NEW YORK ( TheStreet) -- Tech specialists and top industry representatives are convening in Las Vegas this week to take part in the 2012 International Consumer Electronics Show.
While always a popular event for consumers looking to find out what their favorite tech companies have been up to, this tradeshow also provides investors with important information regarding the state of the sector and global consumer.
Aside from flashy product unveils, a number of top industry executives are slated to share their takes on the industry. On Monday evening,
(MSFT - Get Report)
CEO Steve Ballmer took center stage to give the preshow keynote address, followed by top officials from companies such as
(INTC - Get Report)
With ample exposure to many of the names highlighted above, broad-based tech ETFs like the
PowerShares QQQ Portfolio
iShares Dow Jones U.S. Technology Sector Index Fund
will be interesting to watch as the CES keeps the tech sector in focus this week. Although it is famous for its consistent absence from the convention, even
(AAPL - Get Report)
tends to get a great deal of coverage over the course of the festivities.
The cloud, personal gadgets, and other burgeoning corners of the tech landscape are expected to draw big crowds this year. This fanfare will help to thrust companies like
(GOOG - Get Report)
into the spotlight. ETF investors can turn to niche-focused tech funds like the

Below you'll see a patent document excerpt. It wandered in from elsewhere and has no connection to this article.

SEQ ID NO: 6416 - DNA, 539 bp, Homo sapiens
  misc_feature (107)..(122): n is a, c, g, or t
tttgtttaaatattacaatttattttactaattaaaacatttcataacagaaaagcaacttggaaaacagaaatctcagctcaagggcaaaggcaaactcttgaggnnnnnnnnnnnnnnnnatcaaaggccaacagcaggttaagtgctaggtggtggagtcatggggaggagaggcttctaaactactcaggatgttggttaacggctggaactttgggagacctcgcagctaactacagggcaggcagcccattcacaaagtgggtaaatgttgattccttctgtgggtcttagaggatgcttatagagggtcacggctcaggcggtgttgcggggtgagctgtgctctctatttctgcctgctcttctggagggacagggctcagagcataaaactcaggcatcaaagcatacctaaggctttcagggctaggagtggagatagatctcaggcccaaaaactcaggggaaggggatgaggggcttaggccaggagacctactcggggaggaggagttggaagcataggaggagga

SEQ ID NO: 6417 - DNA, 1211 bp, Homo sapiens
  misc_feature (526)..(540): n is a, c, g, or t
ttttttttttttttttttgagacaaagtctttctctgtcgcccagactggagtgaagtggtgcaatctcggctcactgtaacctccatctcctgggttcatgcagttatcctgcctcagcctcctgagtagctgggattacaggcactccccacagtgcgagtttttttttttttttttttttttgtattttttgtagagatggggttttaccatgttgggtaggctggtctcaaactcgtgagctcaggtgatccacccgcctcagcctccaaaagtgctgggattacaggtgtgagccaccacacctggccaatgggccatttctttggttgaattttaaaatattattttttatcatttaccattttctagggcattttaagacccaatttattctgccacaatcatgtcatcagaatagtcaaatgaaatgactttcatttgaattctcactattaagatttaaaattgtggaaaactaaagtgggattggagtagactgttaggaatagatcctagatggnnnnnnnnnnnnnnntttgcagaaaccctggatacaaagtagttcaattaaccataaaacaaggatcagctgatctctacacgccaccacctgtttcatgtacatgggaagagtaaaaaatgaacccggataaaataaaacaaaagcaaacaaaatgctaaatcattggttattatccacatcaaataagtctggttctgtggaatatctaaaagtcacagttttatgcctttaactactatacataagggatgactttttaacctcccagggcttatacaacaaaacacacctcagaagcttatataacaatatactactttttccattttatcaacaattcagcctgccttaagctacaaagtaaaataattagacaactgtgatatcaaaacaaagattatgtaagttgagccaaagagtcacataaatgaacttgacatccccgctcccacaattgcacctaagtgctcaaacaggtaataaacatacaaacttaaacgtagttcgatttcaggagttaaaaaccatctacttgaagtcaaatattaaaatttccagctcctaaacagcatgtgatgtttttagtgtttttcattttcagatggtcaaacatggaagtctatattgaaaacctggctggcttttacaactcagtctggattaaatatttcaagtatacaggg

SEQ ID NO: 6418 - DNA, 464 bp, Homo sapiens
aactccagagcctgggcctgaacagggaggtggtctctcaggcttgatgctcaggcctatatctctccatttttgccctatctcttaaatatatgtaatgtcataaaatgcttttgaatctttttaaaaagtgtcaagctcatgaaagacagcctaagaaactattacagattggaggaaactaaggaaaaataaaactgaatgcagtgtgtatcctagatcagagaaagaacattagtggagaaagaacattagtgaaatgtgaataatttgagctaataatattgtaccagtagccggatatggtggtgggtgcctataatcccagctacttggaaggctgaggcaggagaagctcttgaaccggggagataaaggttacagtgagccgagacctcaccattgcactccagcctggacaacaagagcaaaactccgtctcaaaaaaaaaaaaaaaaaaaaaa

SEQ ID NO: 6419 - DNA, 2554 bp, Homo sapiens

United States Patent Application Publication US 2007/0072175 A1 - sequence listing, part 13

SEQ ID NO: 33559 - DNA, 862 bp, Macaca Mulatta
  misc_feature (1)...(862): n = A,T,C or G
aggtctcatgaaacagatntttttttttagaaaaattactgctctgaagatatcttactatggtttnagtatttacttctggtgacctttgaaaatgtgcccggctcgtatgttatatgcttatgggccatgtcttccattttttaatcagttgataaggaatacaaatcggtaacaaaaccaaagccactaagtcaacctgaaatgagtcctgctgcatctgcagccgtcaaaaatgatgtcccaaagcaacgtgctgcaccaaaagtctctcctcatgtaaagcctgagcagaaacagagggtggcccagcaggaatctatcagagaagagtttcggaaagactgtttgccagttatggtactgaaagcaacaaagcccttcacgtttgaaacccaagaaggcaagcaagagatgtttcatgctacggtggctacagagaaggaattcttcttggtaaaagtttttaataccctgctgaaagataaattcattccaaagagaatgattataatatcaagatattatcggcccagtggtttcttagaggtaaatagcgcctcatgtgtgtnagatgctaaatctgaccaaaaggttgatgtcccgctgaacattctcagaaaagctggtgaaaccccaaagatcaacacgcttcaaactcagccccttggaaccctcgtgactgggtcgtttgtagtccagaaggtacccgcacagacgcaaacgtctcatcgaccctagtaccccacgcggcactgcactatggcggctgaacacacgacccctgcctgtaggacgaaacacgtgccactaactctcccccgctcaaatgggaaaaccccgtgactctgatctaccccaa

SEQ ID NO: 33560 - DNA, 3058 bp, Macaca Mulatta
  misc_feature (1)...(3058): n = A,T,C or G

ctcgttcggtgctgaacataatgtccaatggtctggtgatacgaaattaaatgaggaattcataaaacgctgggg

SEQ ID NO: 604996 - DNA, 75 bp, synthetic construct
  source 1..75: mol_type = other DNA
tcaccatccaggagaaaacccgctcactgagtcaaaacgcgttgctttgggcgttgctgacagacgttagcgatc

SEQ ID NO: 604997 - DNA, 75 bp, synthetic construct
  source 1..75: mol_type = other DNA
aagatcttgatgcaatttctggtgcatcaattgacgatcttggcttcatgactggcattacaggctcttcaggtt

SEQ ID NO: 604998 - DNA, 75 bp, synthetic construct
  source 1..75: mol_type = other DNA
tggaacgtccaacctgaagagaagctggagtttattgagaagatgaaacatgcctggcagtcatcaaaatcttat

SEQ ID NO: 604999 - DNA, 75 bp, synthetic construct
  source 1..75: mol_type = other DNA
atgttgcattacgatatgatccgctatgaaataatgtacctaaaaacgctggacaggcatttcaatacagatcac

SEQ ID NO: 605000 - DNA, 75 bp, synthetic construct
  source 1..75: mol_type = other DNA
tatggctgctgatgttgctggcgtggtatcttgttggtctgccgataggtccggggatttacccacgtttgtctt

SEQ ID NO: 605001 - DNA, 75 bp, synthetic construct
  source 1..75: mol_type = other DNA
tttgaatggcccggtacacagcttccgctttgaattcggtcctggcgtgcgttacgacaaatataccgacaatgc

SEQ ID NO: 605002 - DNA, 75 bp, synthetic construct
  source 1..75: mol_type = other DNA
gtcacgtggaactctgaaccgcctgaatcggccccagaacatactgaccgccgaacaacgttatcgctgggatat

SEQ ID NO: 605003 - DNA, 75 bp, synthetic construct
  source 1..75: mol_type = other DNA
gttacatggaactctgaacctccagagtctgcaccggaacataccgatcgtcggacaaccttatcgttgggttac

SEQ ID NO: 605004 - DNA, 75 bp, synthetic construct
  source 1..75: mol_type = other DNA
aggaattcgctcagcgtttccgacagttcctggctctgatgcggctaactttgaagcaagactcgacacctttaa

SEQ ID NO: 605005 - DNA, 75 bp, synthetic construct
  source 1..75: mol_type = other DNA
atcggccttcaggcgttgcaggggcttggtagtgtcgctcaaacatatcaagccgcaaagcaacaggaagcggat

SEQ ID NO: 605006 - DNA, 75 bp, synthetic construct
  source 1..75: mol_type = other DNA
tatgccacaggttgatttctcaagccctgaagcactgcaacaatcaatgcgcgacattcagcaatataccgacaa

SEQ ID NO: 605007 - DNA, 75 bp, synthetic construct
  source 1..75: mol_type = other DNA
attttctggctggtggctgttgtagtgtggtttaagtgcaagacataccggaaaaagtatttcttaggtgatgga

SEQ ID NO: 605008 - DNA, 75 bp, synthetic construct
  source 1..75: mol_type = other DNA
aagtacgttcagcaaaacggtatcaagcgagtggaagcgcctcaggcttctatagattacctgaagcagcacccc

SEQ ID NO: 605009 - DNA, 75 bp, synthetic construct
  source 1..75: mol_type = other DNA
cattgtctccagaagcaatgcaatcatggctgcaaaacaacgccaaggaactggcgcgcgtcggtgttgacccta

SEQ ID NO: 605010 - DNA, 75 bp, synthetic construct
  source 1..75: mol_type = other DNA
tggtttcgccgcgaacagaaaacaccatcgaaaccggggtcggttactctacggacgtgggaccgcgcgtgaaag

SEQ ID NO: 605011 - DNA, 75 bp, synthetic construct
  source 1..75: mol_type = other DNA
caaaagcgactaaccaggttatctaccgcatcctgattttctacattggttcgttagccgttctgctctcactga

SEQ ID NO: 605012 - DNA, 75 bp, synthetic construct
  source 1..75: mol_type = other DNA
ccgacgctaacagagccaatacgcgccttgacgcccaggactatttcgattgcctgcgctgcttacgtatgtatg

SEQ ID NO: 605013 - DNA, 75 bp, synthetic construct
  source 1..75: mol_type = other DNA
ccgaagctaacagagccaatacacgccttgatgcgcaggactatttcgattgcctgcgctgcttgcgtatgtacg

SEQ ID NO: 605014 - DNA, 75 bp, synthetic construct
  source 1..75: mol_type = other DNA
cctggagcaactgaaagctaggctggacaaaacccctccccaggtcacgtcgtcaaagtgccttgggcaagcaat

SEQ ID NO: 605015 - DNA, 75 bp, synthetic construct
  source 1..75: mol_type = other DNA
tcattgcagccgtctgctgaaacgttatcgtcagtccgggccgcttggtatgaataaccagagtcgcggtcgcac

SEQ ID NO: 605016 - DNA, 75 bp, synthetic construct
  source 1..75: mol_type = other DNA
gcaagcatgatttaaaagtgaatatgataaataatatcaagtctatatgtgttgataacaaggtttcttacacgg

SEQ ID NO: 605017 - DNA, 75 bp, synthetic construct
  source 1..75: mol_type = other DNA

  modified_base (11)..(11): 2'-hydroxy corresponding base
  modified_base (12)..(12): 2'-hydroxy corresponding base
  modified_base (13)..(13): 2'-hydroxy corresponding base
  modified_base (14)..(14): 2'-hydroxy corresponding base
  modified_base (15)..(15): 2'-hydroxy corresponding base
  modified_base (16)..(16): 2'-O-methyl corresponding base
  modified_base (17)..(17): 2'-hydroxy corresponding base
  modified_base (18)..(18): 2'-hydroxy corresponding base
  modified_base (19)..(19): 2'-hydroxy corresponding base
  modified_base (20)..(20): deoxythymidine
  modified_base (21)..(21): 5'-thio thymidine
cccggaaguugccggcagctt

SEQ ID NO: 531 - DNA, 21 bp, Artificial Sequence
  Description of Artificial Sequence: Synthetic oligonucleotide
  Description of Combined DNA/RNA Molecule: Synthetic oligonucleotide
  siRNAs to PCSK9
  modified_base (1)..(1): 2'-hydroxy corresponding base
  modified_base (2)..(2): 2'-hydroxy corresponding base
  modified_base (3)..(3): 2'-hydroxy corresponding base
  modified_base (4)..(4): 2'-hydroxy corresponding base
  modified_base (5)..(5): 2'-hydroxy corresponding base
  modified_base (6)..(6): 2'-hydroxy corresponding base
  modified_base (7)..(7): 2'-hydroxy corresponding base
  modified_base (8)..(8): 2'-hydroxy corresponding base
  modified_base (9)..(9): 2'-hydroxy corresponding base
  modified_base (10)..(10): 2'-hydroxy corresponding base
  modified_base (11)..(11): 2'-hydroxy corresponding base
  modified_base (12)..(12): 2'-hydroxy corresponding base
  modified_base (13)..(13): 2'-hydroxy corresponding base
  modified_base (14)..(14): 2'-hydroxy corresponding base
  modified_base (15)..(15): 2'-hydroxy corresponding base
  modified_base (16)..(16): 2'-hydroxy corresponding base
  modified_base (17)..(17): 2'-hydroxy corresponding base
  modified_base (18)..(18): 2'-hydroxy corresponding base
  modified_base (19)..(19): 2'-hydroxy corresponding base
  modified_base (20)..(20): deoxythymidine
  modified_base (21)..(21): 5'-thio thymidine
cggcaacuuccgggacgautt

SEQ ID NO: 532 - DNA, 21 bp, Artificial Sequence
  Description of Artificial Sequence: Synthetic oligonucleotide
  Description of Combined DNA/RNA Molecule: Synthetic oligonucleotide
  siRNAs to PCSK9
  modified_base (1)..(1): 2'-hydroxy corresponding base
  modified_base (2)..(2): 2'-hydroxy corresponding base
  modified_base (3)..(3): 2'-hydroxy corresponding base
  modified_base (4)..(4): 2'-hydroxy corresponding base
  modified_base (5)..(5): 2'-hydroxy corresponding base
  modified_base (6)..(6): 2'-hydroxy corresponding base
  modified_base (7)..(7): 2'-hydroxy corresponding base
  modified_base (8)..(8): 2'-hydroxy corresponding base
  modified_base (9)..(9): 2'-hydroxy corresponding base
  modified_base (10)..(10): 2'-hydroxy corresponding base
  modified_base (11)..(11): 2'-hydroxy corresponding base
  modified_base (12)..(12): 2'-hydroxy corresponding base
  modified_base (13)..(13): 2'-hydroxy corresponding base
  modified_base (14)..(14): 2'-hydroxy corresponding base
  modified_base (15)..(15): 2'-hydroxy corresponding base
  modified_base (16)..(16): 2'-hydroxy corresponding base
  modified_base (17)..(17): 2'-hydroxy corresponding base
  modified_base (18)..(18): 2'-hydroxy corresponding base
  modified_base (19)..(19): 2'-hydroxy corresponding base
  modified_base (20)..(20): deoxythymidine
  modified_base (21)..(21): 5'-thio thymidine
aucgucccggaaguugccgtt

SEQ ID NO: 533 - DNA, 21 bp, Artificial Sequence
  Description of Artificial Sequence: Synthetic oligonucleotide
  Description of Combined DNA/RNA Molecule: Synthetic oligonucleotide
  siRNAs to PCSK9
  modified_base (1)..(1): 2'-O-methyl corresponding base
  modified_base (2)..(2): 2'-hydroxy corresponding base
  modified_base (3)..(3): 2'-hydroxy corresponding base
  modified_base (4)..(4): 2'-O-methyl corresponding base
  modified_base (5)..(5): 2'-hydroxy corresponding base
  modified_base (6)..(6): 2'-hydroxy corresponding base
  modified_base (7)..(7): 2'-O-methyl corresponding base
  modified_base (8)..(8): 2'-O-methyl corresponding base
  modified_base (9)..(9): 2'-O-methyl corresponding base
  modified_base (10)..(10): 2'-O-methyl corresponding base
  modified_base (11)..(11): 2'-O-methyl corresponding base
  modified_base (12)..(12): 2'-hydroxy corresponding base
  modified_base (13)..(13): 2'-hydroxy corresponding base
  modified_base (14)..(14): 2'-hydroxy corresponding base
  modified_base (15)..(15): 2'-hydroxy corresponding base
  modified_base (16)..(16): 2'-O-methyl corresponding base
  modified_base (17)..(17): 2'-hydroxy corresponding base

First Trust Dow Jones Internet Index Fund
First Trust ISE Cloud Computing Index Fund
to gain access to these names.
It may not be the first fund that comes to mind, but the
Emerging Global Consumer ETF
is another product that aggressive ETF investors may want to keep an eye on in the days ahead. 3D TVs, smartphones, and ultrabooks may draw the biggest crowds in Las Vegas. However, in their plans for the future, companies are increasingly turning their collective attentions towards products designed for the blossoming emerging markets.
According to industry analysts, tech spending is forecasted to breach the $1 trillion mark for the first time in 2012. The increasing purchasing power of consumers in the developing world will be essential to achieving this goal. According to a report from
, this demographic is expected to account for 46% of tech sales this year. This is up significantly from years previous. At the same time that emerging nations are gaining ground, the developed world is seeing its lead erode. Long term, one researcher forecasts that global tech spending from the developed world is on track to dip below 50%.